1 in 3 security professionals recommend negotiating with cybercriminals for the return of stolen data or the restoration of encrypted files, according to ThreatTrack Security.
While 70% of respondents overall did not support negotiating, 86% of security professionals believed their peers at other organizations have brokered deals with cybercriminals. The study also found that firsthand experience with cybercrime extortion clearly shaped opinions.
Nearly 40% of security professionals said they are employed at an organization that has been targeted by cybercrime extortion, and 55% of them are willing to negotiate.
Stuart Itkin, Senior Vice President at ThreatTrack, said: “Whether data is stolen by APTs or targeted attacks, or lost due to ransomware infection, enterprises need to reevaluate their cybersecurity strategies to incorporate the latest advanced threat defenses and become obsessive about backing up their data. Rapid detection and elimination of threats, and the ability to restore encrypted data, will neutralize the incentives that are driving cybercrime extortion and help ensure security professionals will not have to face this difficult choice.”
Security professionals within the healthcare and financial services sectors were least likely to recommend negotiating with cyber-extortionists with 92% and 80%, respectively, saying “No”. 66% are concerned about negative reactions from customers and/or employees whose data was compromised if they learned their organization chose not to negotiate with cybercriminals for its return after a breach was disclosed.
23% said companies should set aside funds for negotiating with cybercriminals who steal, encrypt or threaten to sell their data:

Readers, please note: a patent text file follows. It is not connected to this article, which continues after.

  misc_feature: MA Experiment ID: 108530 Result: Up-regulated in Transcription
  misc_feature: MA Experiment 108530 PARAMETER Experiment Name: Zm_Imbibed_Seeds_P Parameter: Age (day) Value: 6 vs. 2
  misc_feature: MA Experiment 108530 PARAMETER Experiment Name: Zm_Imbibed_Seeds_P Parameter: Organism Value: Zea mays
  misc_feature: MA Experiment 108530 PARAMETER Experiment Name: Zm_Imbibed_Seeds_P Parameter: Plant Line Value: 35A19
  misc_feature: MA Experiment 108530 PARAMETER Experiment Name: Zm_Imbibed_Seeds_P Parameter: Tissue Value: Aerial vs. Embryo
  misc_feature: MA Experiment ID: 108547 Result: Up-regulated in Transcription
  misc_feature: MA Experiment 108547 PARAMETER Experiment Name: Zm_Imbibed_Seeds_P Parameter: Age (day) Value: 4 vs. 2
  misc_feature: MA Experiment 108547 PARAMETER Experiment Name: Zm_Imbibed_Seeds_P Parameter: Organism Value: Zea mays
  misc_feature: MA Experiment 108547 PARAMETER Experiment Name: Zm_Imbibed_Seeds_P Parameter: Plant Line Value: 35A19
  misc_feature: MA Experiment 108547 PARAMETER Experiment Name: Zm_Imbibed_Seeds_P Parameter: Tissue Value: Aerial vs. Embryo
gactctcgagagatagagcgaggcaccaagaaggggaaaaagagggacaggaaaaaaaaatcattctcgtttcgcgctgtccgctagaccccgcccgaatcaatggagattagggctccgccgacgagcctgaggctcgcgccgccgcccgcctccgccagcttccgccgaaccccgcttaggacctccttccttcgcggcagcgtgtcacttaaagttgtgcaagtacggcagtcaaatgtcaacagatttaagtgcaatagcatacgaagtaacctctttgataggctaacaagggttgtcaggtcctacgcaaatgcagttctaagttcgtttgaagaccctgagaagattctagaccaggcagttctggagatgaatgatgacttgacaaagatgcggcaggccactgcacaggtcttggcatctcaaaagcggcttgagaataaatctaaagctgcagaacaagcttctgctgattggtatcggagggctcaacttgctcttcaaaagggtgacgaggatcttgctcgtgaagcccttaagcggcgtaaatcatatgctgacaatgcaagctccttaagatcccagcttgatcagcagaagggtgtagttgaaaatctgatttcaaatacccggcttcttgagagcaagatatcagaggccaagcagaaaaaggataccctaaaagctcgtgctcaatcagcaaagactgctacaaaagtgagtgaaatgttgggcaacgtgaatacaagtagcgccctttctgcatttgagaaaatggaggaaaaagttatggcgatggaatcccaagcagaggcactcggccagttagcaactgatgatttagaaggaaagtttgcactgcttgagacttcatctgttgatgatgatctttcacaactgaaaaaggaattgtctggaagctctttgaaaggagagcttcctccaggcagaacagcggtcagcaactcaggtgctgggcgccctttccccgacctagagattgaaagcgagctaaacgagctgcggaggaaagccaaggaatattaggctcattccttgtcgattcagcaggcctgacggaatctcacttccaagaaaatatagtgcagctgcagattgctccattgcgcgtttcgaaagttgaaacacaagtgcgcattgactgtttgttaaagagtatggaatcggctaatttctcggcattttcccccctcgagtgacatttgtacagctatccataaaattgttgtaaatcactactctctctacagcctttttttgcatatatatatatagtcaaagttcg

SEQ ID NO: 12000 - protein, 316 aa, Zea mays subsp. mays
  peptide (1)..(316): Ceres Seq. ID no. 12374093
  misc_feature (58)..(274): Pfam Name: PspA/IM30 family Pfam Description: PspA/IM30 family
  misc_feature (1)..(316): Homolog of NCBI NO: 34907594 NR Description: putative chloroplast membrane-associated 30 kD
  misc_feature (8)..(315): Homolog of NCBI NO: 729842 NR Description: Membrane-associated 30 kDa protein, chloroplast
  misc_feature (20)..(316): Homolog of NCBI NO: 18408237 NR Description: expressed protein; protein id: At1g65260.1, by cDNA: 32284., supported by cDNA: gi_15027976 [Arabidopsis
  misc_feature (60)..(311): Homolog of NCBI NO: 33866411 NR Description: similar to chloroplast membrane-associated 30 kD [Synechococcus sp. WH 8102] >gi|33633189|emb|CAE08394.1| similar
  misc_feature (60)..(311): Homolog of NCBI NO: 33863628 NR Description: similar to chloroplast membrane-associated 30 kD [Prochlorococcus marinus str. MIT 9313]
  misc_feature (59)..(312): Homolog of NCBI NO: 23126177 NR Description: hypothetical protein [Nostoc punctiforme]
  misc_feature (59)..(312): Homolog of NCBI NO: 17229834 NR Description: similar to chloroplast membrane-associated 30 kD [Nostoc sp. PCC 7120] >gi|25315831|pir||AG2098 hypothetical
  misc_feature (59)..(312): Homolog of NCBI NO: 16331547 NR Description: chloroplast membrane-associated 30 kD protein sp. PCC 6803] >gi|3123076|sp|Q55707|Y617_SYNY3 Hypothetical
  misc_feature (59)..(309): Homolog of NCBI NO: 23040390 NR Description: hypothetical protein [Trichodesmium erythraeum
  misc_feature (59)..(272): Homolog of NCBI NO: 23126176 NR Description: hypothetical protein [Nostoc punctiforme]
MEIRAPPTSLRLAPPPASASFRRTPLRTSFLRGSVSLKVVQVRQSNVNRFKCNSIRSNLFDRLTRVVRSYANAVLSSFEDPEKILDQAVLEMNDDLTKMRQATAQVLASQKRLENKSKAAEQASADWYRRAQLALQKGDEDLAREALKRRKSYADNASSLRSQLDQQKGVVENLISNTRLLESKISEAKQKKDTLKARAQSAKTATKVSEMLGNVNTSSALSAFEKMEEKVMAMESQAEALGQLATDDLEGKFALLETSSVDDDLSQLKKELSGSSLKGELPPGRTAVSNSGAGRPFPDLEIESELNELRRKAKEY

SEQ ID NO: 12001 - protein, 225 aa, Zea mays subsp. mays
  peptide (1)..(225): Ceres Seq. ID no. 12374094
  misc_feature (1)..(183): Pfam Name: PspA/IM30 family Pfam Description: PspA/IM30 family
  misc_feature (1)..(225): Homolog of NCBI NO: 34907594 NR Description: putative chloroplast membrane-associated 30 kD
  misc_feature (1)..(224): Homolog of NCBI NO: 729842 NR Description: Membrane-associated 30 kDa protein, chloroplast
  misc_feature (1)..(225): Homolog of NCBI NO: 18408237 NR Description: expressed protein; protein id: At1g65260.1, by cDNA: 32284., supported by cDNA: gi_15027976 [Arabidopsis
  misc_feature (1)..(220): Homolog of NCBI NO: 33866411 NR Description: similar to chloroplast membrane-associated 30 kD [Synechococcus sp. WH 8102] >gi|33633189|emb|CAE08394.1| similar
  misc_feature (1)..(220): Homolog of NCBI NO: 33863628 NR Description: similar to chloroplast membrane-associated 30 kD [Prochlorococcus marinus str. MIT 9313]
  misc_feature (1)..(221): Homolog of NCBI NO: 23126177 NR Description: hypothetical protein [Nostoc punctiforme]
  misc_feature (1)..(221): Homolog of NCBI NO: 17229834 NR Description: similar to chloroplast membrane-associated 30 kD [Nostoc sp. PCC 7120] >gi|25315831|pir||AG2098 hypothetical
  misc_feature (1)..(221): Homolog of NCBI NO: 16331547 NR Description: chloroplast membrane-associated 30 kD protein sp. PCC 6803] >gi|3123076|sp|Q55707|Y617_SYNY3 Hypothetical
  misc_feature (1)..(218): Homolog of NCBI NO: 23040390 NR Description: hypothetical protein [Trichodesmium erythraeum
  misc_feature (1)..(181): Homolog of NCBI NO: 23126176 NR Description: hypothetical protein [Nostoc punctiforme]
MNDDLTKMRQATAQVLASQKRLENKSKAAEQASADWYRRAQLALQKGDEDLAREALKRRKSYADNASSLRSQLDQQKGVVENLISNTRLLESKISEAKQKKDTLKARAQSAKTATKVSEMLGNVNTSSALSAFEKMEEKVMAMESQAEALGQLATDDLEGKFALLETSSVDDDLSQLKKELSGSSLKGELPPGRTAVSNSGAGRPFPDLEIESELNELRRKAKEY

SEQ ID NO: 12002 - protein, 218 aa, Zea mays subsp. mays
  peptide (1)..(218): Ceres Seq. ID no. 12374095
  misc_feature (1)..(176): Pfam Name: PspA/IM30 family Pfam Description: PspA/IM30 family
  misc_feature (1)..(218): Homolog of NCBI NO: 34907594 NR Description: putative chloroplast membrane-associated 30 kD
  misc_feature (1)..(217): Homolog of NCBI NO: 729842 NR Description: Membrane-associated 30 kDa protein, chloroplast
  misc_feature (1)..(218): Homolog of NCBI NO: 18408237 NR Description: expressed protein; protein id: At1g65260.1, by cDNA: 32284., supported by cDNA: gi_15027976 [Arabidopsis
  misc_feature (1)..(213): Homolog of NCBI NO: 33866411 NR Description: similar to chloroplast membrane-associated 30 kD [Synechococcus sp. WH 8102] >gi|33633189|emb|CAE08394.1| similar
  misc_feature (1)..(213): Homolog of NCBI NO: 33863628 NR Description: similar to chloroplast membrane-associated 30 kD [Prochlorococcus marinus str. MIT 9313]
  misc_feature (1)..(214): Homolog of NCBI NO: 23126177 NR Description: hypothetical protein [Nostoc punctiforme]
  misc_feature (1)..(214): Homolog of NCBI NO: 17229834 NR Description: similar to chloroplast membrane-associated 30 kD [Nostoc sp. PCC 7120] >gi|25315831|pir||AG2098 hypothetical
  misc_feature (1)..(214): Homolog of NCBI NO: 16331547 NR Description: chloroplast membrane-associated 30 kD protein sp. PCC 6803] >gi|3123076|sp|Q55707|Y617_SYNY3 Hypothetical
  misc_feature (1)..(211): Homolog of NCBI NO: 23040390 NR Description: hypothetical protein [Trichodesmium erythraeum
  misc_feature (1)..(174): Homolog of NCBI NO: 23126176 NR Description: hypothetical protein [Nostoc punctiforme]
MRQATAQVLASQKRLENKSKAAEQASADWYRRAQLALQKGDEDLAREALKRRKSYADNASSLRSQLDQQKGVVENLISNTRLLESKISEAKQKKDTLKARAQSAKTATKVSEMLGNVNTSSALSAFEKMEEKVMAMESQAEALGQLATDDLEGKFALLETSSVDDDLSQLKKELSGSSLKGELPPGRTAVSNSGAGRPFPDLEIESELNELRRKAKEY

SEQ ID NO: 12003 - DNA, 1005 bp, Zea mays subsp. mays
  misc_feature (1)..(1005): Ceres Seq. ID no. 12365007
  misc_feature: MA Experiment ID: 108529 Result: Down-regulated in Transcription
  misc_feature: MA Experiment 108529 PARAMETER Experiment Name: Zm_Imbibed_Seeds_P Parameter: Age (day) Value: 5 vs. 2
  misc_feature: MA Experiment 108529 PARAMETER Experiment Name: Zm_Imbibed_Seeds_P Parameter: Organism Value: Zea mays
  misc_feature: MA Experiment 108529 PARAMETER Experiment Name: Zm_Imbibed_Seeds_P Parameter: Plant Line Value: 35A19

- 43% of respondents in organizations already targeted by cybercrime extortion agreed
- 22% of all respondents said “Depends on the data” that is at stake.
Asked what types of data for which they would be willing to negotiate with cybercriminals:
- 50% said they would never negotiate
- 37% said Employee Data (social security numbers, salaries, addresses, etc.)
- 36% said Customer Data (credit card number, passwords, email addresses, etc.)
- 30% said Intellectual Property (product design, software code, R&D, etc.)
- 26% said Confidential Executive Communications
- 22% said Financial Data (earnings reports, M&A activity, etc.)
Asked what role the government should play in investigating cybercrime extortion:
- 44% said the government should be notified immediately and granted complete access to corporate networks to aggressively investigate any cybercrime extortion attempts
- 38% said the government should establish policies and offer guidance to companies who fall victim to cybercrime extortion
- 30% said companies should have the option of alerting the government to cybercrime extortion attempts made against them
- 10% said the government should make it a crime to negotiate with cybercriminals.